‘Most seasonal flu viruses have a case fatality rate of less than one in 1,000 people. Here we’re talking about a virus where we don’t understand fully the severity spectrum but it’s possible the case fatality rate could be as high as two per cent.’
If the death rate is truly two per cent, that means two out of every 100 patients who get it will die.
‘My feeling is it’s lower,’ Dr Horby added. ‘We’re probably missing this iceberg of milder cases. But that’s the current circumstance we’re in.
‘Two per cent case fatality rate is comparable to the Spanish Flu pandemic in 1918 so it is a significant concern globally.’
How does the virus spread?
The illness can spread between people just through coughs and sneezes, making it an extremely contagious infection. And it may also spread even before someone has symptoms.
It is believed to travel in the saliva and even through water in the eyes, therefore close contact, kissing, and sharing cutlery or utensils are all risky. It can also live on surfaces, such as plastic and steel, for up to 72 hours, meaning people can catch it by touching contaminated surfaces.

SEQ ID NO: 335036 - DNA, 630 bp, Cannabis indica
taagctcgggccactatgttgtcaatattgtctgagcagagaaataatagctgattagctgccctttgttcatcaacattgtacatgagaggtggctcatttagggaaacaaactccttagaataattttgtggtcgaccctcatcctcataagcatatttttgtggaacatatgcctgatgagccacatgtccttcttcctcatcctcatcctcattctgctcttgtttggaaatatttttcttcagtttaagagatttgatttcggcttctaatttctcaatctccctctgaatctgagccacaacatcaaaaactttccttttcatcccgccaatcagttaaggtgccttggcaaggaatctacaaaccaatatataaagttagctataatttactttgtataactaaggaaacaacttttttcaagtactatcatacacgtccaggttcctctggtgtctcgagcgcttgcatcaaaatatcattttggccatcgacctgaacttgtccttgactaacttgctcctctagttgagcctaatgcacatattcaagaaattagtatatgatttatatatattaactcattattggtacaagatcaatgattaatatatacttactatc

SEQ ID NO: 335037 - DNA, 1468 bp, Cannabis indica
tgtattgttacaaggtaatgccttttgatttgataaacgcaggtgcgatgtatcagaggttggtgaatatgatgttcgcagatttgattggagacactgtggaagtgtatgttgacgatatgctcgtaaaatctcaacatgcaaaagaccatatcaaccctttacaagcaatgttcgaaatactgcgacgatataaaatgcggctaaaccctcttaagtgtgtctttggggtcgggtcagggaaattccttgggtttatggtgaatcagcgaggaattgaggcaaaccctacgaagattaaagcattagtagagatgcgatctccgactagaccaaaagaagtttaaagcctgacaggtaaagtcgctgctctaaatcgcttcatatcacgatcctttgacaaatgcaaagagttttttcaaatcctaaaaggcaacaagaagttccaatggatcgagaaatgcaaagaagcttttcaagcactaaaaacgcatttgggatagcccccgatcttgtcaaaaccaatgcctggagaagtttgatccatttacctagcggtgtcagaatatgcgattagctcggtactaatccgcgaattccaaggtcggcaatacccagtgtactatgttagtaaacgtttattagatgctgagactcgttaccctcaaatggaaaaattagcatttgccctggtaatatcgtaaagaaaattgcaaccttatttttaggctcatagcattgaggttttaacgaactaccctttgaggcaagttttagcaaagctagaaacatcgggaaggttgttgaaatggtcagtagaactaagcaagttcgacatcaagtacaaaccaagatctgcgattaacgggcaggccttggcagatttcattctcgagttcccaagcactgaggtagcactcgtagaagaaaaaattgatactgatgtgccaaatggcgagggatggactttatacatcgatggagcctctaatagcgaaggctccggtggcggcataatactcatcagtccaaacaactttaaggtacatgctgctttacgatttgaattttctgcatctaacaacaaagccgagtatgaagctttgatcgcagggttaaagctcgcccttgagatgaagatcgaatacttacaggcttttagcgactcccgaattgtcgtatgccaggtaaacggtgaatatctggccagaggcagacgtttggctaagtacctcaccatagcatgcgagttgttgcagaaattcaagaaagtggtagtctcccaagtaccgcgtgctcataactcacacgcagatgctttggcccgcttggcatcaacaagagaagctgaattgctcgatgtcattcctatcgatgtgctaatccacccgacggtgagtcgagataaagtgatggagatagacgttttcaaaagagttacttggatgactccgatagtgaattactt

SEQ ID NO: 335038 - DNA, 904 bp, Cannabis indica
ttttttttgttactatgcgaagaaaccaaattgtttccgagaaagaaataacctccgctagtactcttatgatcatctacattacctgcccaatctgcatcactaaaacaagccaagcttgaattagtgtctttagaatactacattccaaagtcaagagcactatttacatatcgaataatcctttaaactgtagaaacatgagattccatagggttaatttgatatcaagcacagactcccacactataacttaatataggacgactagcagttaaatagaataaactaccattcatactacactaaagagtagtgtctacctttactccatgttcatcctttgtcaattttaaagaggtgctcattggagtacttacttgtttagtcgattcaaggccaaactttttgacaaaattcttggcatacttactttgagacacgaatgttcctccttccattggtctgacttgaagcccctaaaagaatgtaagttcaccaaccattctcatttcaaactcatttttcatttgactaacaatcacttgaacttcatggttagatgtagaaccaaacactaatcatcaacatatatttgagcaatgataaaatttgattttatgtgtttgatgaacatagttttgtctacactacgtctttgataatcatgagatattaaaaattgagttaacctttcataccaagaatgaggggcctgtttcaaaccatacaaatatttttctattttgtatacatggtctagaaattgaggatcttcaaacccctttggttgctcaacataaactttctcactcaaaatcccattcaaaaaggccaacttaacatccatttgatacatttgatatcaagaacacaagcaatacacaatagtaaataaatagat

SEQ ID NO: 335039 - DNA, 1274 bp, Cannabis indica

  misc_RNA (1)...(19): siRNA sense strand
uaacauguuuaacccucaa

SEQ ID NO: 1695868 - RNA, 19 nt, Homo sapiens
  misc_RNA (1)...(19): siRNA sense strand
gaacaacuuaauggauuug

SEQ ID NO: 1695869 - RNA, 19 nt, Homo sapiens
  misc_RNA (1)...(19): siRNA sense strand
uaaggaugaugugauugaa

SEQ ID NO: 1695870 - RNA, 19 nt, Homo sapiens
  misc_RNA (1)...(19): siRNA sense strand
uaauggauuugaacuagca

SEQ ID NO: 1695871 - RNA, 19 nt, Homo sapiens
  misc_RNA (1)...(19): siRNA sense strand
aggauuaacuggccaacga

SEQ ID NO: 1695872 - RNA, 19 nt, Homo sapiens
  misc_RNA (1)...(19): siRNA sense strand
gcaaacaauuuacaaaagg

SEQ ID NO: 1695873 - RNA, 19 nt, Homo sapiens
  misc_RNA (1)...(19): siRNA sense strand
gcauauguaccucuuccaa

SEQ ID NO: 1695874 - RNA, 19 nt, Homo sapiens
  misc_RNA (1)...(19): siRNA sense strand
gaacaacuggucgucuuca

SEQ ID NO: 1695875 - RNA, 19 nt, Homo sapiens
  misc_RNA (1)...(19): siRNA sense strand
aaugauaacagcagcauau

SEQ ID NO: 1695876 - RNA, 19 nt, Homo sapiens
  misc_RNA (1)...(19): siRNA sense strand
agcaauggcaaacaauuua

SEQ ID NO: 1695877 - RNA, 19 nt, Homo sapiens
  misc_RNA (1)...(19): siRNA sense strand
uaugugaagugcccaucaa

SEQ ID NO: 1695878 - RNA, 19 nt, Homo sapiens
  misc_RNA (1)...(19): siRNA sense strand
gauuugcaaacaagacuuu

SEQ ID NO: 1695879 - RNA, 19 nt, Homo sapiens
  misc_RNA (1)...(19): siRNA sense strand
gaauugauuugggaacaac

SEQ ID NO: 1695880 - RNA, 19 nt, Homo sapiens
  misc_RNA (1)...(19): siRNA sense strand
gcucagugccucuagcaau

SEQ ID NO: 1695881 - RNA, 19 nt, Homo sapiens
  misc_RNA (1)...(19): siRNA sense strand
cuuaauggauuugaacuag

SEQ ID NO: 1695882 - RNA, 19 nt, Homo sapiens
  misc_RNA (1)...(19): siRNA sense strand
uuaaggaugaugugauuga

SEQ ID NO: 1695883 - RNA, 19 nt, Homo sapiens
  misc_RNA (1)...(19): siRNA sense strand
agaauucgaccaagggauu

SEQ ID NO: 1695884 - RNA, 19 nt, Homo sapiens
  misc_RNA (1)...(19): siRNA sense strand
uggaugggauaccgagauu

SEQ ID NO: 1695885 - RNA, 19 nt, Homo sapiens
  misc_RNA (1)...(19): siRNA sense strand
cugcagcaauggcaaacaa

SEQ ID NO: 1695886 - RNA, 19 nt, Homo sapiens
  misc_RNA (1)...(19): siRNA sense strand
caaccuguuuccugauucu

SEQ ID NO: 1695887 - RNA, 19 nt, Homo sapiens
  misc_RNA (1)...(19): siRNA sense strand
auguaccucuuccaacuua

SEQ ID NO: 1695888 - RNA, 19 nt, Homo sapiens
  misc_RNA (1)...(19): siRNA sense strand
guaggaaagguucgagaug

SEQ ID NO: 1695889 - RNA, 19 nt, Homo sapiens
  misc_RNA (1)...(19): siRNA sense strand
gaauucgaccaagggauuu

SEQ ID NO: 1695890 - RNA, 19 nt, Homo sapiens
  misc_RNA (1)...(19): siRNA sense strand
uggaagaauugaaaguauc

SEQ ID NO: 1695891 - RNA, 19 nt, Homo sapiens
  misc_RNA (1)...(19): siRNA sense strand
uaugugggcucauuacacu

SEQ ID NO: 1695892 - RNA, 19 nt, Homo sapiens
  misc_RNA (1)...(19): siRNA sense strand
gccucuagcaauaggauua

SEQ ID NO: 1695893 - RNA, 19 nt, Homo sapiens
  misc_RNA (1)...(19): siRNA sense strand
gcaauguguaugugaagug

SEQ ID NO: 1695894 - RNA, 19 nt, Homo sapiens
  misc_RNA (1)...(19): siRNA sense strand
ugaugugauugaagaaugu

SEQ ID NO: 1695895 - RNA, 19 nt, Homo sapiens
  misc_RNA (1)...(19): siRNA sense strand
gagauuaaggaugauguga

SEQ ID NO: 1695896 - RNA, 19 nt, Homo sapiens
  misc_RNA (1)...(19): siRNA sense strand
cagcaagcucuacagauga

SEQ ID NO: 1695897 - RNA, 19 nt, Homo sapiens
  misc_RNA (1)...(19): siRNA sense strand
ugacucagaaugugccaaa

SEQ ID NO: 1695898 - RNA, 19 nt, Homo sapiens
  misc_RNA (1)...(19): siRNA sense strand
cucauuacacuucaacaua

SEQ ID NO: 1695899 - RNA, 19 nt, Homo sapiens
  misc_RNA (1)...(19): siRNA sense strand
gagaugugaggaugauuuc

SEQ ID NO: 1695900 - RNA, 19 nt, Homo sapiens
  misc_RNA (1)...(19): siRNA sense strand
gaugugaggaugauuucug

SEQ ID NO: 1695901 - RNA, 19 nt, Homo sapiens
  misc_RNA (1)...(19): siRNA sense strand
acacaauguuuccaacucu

Originally, people were thought to be catching it from a live animal market in Wuhan city. But cases soon began to emerge in people who had never been there, which forced medics to realise it was spreading from person to person.
What does the virus do to you? What are the symptoms?
Once someone has caught the COVID-19 virus it may take between two and 14 days, or even longer, for them to show any symptoms – but they may still be contagious during this time.
If and when they do become ill, typical signs include a runny nose, a cough, sore throat and a fever (high temperature). The vast majority of patients will recover from these without any issues, and many will need no medical help at all.
In a small group of patients, who seem mainly to be the elderly or those with long-term illnesses, it can lead to pneumonia. Pneumonia is an infection in which the insides of the lungs swell up and fill with fluid. It makes it increasingly difficult to breathe and, if left untreated, can be fatal and suffocate people.